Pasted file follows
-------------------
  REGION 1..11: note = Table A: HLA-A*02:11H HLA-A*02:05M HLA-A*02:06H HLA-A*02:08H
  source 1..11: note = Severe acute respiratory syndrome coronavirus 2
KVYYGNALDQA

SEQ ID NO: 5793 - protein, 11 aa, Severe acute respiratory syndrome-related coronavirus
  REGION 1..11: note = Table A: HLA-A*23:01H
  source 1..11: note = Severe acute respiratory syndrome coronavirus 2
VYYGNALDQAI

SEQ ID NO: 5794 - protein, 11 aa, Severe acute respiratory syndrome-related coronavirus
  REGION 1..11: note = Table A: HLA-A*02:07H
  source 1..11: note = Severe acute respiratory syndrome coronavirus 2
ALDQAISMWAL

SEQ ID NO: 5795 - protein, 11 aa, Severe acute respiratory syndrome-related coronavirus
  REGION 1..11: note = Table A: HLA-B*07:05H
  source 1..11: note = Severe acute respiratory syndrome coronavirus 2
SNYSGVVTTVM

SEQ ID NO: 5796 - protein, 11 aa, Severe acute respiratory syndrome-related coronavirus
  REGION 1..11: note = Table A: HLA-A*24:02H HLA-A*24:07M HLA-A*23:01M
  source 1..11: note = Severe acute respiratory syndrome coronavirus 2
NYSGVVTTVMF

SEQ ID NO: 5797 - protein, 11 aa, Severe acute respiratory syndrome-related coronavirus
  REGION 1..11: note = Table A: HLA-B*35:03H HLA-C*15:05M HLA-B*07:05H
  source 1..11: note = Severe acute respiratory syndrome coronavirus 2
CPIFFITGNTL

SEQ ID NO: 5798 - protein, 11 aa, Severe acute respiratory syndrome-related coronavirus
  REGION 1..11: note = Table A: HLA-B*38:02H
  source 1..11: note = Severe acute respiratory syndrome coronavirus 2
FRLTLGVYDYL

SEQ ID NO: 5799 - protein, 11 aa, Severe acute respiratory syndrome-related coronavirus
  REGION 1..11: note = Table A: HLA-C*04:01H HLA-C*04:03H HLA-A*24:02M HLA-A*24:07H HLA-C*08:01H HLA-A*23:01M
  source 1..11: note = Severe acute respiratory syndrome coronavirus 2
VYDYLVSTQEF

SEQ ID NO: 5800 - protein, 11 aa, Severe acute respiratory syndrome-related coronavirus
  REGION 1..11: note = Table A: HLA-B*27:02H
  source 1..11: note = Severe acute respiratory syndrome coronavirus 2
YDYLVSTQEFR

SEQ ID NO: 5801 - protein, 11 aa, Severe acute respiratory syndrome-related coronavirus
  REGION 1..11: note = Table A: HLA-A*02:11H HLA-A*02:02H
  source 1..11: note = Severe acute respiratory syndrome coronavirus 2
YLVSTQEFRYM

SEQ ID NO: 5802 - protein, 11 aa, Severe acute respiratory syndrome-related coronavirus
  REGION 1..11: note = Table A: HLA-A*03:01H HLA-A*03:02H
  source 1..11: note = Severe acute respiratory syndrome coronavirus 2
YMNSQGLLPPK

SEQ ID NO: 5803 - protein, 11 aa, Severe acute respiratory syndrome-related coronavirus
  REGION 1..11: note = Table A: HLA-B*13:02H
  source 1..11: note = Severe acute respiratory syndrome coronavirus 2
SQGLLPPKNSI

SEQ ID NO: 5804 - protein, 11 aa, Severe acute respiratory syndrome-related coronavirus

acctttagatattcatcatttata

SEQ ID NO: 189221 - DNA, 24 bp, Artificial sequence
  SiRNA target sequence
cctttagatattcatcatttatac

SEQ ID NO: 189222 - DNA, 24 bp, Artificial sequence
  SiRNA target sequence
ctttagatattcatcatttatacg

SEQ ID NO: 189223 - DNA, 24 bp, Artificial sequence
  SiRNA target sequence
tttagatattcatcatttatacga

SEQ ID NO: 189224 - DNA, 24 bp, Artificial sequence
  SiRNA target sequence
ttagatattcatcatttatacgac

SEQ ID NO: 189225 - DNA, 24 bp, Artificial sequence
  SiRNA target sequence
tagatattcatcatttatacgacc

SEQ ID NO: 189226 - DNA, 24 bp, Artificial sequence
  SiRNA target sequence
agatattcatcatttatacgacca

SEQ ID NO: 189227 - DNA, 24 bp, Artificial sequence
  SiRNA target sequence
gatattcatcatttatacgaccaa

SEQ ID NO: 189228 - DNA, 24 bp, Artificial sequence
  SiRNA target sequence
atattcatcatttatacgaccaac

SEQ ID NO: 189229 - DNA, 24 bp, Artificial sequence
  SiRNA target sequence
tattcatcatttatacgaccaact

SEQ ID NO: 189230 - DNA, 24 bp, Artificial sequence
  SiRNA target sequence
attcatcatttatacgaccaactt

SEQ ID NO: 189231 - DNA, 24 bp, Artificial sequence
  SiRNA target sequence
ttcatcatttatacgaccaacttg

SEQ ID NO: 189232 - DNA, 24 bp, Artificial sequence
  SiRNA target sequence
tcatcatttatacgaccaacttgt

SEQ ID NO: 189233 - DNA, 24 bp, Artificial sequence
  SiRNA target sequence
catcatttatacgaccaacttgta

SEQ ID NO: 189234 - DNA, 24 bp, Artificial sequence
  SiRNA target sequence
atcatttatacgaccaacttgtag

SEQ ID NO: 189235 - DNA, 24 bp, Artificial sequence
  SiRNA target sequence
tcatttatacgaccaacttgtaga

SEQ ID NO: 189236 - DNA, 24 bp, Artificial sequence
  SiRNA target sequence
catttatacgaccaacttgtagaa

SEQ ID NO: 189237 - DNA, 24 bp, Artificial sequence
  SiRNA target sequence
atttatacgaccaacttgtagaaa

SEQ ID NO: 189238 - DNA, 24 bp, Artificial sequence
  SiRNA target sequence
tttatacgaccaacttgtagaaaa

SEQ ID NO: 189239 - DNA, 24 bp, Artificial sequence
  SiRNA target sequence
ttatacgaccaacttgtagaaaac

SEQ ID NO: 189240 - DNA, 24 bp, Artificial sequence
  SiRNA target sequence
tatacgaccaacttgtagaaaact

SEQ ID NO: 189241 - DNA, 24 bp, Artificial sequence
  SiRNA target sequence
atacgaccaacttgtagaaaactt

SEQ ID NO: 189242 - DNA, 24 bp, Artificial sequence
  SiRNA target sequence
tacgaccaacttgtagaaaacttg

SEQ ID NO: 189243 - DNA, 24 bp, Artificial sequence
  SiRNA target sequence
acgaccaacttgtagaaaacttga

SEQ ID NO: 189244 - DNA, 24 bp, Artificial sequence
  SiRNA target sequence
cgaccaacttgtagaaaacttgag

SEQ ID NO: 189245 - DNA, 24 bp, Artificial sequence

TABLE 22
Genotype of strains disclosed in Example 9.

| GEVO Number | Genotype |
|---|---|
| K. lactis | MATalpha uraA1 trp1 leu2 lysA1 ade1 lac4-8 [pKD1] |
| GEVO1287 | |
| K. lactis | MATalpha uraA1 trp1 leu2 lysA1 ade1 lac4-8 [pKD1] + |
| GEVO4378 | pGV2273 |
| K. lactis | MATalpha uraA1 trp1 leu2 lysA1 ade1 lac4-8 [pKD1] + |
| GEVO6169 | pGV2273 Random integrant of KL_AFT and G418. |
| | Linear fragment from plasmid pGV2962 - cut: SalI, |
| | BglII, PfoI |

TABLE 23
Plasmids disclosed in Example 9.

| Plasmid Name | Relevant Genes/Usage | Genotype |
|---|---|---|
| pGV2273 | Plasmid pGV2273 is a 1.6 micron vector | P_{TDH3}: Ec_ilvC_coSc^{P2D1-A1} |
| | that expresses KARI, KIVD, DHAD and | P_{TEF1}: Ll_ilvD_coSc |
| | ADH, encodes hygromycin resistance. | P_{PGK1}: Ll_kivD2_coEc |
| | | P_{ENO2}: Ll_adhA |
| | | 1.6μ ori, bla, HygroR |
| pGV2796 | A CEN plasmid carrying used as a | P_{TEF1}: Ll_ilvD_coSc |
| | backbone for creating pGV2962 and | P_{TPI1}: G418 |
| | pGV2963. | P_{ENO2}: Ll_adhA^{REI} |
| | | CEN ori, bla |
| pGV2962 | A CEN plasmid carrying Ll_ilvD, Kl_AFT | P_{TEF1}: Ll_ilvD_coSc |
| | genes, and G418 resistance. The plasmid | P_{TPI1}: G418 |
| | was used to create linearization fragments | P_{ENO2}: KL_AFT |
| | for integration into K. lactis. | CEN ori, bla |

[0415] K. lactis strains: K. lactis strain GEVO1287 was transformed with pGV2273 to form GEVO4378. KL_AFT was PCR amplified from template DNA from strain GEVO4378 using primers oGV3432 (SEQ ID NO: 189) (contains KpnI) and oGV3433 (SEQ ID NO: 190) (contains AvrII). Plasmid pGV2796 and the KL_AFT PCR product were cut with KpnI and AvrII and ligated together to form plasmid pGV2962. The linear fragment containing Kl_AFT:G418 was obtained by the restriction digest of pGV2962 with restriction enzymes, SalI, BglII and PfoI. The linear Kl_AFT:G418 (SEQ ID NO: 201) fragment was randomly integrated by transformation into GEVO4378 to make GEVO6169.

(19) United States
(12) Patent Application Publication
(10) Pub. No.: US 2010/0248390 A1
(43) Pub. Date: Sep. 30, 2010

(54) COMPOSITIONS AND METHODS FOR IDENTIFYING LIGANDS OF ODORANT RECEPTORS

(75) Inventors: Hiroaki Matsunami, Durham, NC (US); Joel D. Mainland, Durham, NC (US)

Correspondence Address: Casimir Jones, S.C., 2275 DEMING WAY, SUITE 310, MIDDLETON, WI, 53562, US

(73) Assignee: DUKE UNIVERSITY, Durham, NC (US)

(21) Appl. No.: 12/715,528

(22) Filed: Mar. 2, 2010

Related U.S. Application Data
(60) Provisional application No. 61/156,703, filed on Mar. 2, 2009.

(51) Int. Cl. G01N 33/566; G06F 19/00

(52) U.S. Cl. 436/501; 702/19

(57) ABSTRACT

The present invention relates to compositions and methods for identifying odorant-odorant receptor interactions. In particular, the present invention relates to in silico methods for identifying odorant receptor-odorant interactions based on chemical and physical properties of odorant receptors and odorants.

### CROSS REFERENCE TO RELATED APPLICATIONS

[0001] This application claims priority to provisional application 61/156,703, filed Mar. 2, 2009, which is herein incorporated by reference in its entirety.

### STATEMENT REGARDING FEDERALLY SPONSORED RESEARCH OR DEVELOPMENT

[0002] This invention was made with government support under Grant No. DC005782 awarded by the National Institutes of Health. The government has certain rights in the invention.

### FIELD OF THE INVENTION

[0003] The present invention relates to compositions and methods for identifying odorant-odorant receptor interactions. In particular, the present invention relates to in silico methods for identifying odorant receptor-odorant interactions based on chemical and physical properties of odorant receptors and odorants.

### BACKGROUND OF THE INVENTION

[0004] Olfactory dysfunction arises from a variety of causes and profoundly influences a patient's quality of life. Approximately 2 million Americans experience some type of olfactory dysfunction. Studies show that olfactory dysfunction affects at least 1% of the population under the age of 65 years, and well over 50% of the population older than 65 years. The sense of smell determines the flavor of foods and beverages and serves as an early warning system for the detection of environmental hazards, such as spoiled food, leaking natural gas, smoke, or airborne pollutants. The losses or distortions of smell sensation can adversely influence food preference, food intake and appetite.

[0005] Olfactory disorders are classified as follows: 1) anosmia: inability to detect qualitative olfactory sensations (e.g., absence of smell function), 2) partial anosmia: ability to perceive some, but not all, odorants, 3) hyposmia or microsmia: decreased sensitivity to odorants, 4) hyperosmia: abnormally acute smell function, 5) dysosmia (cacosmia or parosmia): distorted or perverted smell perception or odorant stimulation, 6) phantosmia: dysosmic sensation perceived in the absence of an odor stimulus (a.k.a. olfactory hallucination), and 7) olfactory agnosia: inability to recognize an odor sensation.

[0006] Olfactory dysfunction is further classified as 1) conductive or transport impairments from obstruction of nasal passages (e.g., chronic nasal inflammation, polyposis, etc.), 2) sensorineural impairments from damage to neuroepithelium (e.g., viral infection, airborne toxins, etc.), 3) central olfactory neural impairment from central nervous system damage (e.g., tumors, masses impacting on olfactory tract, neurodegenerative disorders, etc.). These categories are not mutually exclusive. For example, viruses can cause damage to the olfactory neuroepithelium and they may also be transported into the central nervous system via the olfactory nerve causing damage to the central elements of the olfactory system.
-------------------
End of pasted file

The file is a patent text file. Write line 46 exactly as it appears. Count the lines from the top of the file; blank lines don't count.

  source 1..11: note = Severe acute respiratory syndrome coronavirus 2